A family’s story of living Jewishly on three continents
Michelle Cohen, May 28, 2021
When Avital Kaszovitz prepared to be a Modern Orthodox shlicha (emissary) to the Jewish community in Kenya, she never imagined one of the first things she would do would be sending homemade challah and chicken soup to recovering COVID-19 patients.
“Hearing how appreciative they were, and feeling like I could share the taste of Shabbat with people that I hadn’t even met yet, was a really special experience for me,” said Kaszovitz, who recently began her service, along with her husband, Netanel, and their six-month-old daughter, Tzofia.
Avital, a Chicago native who graduated from Arie Crown Hebrew Day School, prepared for the family’s two-year posting through the Straus-Amiel Emissary Program at Ohr Torah Stone, a Modern Orthodox institution in Israel. To date, the program–which is committed to strengthening Jewish life and identity in communities across the Diaspora–has trained 640 couples and helped them find placements in 37 different countries as Jewish teachers, rabbis and spiritual leaders.
Netanel attended a parallel program of rabbinical training and became ordained shortly before they left to help bolster the “small, diverse, and well-rooted” Jewish community in Nairobi.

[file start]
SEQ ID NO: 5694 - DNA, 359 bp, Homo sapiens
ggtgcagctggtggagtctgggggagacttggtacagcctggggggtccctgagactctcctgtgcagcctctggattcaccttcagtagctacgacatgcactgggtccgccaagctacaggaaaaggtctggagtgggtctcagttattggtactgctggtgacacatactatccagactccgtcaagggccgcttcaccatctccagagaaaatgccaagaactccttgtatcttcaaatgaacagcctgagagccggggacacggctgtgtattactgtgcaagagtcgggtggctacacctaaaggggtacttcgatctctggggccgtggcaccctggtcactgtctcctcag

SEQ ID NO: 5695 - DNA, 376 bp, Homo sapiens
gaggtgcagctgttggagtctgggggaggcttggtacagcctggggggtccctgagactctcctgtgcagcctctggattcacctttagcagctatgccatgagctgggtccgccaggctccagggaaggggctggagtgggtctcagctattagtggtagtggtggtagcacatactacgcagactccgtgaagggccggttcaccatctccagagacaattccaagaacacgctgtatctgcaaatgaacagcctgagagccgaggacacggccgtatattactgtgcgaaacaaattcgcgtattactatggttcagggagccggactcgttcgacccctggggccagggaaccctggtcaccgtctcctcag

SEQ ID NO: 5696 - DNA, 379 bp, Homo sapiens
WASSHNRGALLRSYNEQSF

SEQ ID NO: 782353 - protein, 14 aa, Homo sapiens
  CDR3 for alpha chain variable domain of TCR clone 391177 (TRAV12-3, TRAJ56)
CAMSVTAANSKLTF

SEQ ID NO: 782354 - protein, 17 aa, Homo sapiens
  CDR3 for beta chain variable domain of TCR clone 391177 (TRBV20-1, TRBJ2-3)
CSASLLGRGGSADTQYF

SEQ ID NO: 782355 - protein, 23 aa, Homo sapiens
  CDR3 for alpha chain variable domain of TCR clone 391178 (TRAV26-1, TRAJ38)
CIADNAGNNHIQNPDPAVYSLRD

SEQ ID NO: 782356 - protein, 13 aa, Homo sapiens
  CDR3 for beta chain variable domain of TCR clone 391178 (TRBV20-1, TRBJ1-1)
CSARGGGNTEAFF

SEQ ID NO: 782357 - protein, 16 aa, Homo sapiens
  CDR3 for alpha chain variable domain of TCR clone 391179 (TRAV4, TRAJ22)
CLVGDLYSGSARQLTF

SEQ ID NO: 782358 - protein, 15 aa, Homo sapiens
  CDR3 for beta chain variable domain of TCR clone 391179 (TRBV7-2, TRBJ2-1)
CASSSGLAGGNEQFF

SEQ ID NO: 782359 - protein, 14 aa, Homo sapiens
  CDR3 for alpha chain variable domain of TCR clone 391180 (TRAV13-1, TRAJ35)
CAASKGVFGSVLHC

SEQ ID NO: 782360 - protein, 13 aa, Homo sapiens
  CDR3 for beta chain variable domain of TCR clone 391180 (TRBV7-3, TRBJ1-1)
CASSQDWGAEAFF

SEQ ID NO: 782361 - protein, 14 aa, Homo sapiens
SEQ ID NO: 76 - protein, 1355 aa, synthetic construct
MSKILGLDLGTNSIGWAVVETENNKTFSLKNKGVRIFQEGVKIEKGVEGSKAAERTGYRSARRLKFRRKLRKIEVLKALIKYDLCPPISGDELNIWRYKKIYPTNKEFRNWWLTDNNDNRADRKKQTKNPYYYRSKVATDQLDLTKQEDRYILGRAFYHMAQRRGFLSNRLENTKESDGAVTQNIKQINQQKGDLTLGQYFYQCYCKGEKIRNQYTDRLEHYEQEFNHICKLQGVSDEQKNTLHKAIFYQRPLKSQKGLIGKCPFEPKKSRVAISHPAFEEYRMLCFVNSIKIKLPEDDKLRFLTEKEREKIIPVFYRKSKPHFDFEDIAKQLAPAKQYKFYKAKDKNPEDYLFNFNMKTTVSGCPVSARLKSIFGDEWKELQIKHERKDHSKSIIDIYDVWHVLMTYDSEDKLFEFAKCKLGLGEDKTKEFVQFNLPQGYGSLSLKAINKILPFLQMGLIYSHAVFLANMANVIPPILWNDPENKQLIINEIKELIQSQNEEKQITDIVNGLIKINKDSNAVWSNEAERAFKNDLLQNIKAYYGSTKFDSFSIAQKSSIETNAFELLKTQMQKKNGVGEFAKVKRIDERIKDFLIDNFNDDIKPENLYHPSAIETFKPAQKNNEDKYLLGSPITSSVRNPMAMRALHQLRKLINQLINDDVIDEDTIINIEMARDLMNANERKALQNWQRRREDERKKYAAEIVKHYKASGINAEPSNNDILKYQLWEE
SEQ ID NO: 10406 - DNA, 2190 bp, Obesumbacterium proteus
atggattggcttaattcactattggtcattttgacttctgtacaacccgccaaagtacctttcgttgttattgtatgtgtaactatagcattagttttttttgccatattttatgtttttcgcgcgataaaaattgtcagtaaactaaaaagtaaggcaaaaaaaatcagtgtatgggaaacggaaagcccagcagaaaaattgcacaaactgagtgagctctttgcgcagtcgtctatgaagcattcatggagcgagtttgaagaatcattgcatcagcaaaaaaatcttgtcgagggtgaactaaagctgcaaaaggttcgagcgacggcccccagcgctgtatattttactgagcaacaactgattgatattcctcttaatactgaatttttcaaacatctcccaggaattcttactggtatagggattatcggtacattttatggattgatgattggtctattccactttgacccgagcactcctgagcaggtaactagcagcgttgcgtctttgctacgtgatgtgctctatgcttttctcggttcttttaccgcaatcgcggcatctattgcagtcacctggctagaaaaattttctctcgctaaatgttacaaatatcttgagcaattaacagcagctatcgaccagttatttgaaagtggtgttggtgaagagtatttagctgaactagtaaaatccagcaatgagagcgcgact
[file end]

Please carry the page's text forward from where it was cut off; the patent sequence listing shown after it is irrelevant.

Out of various placement opportunities around the world, the Kaszovitzes chose to go to Kenya out of a sense of adventure and “an opportunity to help fill a long-vacant role in a community that was in need of new leadership to help bring it back to life,” Avital said.
As the couple studied aspects of Judaism and cultures around the world, the most important thing they learned was “how to interact with people and be open-minded enough to be able to form connections with people that come from a wide variety of backgrounds,” she said.
Since Avital and Netanel married seven years ago, they have been excited to begin their international experience together.
“We’ve always had this innate desire to be able to help Jewish communities abroad, especially after growing up in the Diaspora and understanding the complexity of what it means to be a Jew in the Diaspora,” Avital said. “We realized the importance of strengthening our Jewish identities and wanted to be there for those that are seeking that connection to their Jewish heritage” – no matter where in the world they might be.
Due to the pandemic, their departure was delayed several times, and their initial meetings with Kenyan community members took place on Zoom–when enabled the Kaszovitzes to make “a slow but steady transition into a new country and culture.”
The couple is eager for the opportunity to be “able to go out of our comfort zone in order to help achieve a greater goal with the future of the Jewish nation in mind,” Avital said.
Now newly arrived in Kenya, the family is meeting people, getting settled in their new life, and determining how best to nurture the Jewish community.
“The community here has been so warm and welcoming,” Avital said. “We still have a long way to go, but we’re off to a great start!”